perilla and vegetable jeon (gluten-free fried dumplings)

July 3, 2012

i’m starting to really get into korean food.

i went to a korean market yesterday and tasted a little leaf of everything i’d never heard of, like dropwort (parsley-like). nothing stood out as really unique, until i got stuck on these leaves labeled as “sesame leaves”. i love sesame, but these leaves had rounded stems and toothy leaves like the mint family. tasting it, it’s even more clear – like a cross between a bitter green, mint, and nettle. they also have the slightly fuzzy, sturdy feeling of catnip.

so what’s the deal with this sesame mint? turns out the literal “translation of deulkkae (“wild sesame”) and ggaennip (“sesame leaf”) are in spite of perilla’s not being closely related to sesame” (wiki). it’s incredibly good for you, like the other mints.

tried it in a salad – it’s a little too tough and bitter. tried marinating it in a berry vinegar. good, but it brought out a bitterness. so this will be the next thing i try! i think this sounds like a winner! the pictures look great – fried packets of meat. i’ll write a veg version, but can’t try it yet – i used up all my perilla leaves!

1 cup mixed vegetables, like carrots, onions, and whatever you have
15 Perilla Leaves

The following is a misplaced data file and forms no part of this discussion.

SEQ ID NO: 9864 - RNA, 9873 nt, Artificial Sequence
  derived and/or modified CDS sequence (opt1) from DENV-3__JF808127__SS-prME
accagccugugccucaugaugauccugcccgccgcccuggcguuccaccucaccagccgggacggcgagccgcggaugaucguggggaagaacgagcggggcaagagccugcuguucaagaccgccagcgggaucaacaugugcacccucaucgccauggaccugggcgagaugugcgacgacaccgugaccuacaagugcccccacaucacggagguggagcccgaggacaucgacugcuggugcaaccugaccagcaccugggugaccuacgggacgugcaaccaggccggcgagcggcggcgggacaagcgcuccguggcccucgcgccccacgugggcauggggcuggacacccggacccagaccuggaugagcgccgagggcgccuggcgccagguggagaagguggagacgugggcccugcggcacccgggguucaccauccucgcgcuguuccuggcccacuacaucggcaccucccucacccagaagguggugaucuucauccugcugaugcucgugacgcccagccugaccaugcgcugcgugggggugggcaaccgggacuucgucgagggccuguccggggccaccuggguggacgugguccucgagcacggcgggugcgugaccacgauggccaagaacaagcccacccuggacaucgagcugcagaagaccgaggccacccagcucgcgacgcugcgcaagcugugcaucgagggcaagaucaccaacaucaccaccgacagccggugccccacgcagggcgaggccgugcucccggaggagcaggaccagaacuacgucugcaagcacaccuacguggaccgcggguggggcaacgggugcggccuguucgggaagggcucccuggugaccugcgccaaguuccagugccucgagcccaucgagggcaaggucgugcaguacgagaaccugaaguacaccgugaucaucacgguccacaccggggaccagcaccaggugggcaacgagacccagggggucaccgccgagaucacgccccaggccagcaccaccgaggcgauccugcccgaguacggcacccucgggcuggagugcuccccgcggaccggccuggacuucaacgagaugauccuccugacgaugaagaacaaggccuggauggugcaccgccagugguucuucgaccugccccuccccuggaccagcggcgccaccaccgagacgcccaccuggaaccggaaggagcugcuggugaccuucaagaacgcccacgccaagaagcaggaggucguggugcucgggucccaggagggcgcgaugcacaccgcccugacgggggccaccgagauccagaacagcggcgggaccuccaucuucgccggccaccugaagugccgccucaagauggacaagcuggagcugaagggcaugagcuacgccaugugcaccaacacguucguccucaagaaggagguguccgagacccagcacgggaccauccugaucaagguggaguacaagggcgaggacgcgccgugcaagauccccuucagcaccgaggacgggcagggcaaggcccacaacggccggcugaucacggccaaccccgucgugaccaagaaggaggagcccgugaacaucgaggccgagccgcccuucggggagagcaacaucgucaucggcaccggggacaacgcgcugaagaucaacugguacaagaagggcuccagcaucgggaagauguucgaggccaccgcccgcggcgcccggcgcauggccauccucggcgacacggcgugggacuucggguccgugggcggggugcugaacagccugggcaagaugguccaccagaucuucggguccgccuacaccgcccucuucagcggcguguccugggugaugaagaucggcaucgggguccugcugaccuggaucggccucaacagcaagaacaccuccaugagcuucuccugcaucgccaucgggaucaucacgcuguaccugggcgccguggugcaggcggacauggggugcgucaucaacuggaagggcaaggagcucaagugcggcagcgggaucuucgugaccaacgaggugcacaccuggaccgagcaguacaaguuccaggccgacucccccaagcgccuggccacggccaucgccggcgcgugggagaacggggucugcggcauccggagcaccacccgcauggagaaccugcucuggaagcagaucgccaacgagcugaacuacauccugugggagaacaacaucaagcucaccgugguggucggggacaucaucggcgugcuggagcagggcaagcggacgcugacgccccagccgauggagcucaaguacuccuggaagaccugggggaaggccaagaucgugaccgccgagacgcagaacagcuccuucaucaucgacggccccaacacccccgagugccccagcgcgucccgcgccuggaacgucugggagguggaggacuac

¼ Cup Flour (use a gluten-free blend if you like)
1 Tbsp Soy Sauce
½ Tbsp Sesame Oil
⅛ tsp Black Pepper

Marinate hard vegetables in cooking wine, salt, and pepper. Cook some. Or don’t. I don’t know, I haven’t made this yet. Experiment! Definitely cook vegetables like eggplant prior to filling leaves.

Combine the vegetables, 1 egg, 1 Tbsp of soy sauce, ½ Tbsp of sesame oil, and ⅛ tsp of black pepper in a mixing bowl. Mix so that all of the ingredients stick together nicely.

Rinse about 15 medium sized perilla leaves and set them aside to dry out.

On a flat plate, pour about ¼ cup of flour. Evenly flour the backside of a perilla leaf. The flour helps the mixture stick to the perilla leaf.

Spread about 1 Tbsp of mixture on one half of the floured side of the perilla leaf. About a quarter inch thickness will be good.

Fold the perilla leaf in half and cover the outer surface with flour.

In a flat bowl, break 2 large eggs and whisk them gently. Mix in 2 pinches of salt. Dip both sides of the floured perilla leaf in the egg mixture.

Fry the egg-dipped perilla leaves in a heated and generously oiled pan. Fry each side of the jeon for about 7 to 8 minutes on medium or medium-low with patience. When one side is done, flip, and fry the other side for another 7 to 8 minutes.


recipe from here

Leave a Reply

Fill in your details below or click an icon to log in:

WordPress.com Logo

You are commenting using your WordPress.com account. Log Out /  Change )

Google photo

You are commenting using your Google account. Log Out /  Change )

Twitter picture

You are commenting using your Twitter account. Log Out /  Change )

Facebook photo

You are commenting using your Facebook account. Log Out /  Change )

Connecting to %s

%d bloggers like this: